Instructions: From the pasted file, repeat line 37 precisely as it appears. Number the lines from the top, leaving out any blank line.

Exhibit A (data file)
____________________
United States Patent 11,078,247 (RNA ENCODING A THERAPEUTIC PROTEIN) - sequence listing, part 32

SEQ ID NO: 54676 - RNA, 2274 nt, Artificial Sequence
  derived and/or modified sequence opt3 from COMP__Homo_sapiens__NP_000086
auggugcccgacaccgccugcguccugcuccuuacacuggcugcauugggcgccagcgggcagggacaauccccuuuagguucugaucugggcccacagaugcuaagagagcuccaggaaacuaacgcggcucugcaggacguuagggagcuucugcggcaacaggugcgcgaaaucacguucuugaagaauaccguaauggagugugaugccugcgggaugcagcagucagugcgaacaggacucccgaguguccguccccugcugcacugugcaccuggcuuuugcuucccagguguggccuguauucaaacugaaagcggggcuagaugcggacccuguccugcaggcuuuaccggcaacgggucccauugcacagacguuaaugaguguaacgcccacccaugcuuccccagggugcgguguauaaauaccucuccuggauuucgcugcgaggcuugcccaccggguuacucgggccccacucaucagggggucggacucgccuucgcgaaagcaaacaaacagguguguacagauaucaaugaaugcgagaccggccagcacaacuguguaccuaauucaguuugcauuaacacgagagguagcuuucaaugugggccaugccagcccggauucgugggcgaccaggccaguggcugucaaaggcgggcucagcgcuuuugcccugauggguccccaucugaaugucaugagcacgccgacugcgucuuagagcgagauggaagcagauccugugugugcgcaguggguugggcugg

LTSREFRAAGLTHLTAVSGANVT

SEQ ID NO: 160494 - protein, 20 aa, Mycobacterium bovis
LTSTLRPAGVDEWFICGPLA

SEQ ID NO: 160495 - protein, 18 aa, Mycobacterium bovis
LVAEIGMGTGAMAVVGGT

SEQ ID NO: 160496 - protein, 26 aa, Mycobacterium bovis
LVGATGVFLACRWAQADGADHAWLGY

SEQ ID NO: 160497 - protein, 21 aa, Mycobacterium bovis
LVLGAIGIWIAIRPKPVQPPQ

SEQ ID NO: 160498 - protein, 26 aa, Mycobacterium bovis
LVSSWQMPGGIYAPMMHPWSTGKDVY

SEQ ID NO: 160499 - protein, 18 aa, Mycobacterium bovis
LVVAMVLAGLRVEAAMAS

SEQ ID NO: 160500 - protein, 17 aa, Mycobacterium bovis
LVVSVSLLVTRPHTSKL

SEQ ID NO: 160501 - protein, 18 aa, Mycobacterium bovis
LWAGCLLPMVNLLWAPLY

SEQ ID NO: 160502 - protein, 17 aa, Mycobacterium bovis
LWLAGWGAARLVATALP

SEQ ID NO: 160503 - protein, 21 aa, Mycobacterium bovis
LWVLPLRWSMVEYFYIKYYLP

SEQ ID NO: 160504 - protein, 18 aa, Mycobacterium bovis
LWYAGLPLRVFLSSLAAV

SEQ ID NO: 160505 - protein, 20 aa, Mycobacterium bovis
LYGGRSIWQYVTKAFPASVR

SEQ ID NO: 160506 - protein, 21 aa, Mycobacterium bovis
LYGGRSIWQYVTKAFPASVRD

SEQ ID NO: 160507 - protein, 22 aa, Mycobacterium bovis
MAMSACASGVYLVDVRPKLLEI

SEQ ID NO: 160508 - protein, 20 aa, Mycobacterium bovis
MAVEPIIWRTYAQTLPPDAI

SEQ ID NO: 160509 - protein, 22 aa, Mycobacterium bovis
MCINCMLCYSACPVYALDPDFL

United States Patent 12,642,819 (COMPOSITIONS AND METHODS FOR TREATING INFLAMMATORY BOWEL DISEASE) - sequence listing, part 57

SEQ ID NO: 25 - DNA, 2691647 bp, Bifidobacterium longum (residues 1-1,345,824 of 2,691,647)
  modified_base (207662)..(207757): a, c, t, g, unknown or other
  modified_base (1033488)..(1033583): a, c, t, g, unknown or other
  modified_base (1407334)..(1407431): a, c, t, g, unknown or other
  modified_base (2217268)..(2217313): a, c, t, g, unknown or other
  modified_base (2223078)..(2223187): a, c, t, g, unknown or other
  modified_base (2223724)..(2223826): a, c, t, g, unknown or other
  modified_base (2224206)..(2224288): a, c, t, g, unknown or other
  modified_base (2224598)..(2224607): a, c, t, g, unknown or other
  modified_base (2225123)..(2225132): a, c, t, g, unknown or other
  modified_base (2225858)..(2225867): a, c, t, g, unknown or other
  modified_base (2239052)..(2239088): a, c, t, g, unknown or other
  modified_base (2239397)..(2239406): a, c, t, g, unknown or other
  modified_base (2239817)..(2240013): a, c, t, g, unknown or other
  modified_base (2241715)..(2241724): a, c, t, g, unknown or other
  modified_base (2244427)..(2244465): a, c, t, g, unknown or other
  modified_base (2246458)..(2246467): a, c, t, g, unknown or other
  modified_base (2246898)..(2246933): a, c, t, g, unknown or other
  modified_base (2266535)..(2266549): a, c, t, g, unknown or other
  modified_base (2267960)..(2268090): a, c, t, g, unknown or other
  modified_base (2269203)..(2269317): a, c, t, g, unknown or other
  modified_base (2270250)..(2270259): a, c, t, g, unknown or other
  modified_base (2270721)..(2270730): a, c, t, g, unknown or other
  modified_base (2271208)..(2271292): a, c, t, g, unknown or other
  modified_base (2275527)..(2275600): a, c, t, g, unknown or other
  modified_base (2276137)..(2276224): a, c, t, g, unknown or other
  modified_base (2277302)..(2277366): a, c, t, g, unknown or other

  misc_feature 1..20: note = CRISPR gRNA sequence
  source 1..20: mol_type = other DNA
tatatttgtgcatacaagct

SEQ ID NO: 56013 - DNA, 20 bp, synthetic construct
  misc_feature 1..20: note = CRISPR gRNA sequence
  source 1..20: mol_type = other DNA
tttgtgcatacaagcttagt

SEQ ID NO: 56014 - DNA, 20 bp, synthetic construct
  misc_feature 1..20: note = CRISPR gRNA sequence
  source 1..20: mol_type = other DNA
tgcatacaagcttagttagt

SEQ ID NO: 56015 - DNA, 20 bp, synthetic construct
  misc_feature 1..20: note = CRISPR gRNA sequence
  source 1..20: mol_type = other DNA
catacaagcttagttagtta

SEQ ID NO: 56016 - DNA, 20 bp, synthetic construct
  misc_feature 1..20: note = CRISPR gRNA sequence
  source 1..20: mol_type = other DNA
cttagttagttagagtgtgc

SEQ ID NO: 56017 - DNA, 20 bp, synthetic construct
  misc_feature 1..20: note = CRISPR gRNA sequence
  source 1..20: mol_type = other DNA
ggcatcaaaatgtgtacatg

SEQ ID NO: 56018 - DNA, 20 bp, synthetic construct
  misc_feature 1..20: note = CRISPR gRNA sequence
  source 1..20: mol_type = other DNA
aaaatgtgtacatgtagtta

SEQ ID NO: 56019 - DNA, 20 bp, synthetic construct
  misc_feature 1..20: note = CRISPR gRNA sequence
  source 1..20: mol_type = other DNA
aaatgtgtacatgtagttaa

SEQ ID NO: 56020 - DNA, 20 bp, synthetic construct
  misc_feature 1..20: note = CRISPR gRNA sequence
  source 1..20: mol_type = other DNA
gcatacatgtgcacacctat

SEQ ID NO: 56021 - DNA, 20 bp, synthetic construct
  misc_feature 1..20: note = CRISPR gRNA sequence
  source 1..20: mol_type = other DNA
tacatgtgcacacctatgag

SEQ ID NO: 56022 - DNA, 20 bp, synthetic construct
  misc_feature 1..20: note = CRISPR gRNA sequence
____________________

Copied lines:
MCINCMLCYSACPVYALDPDFL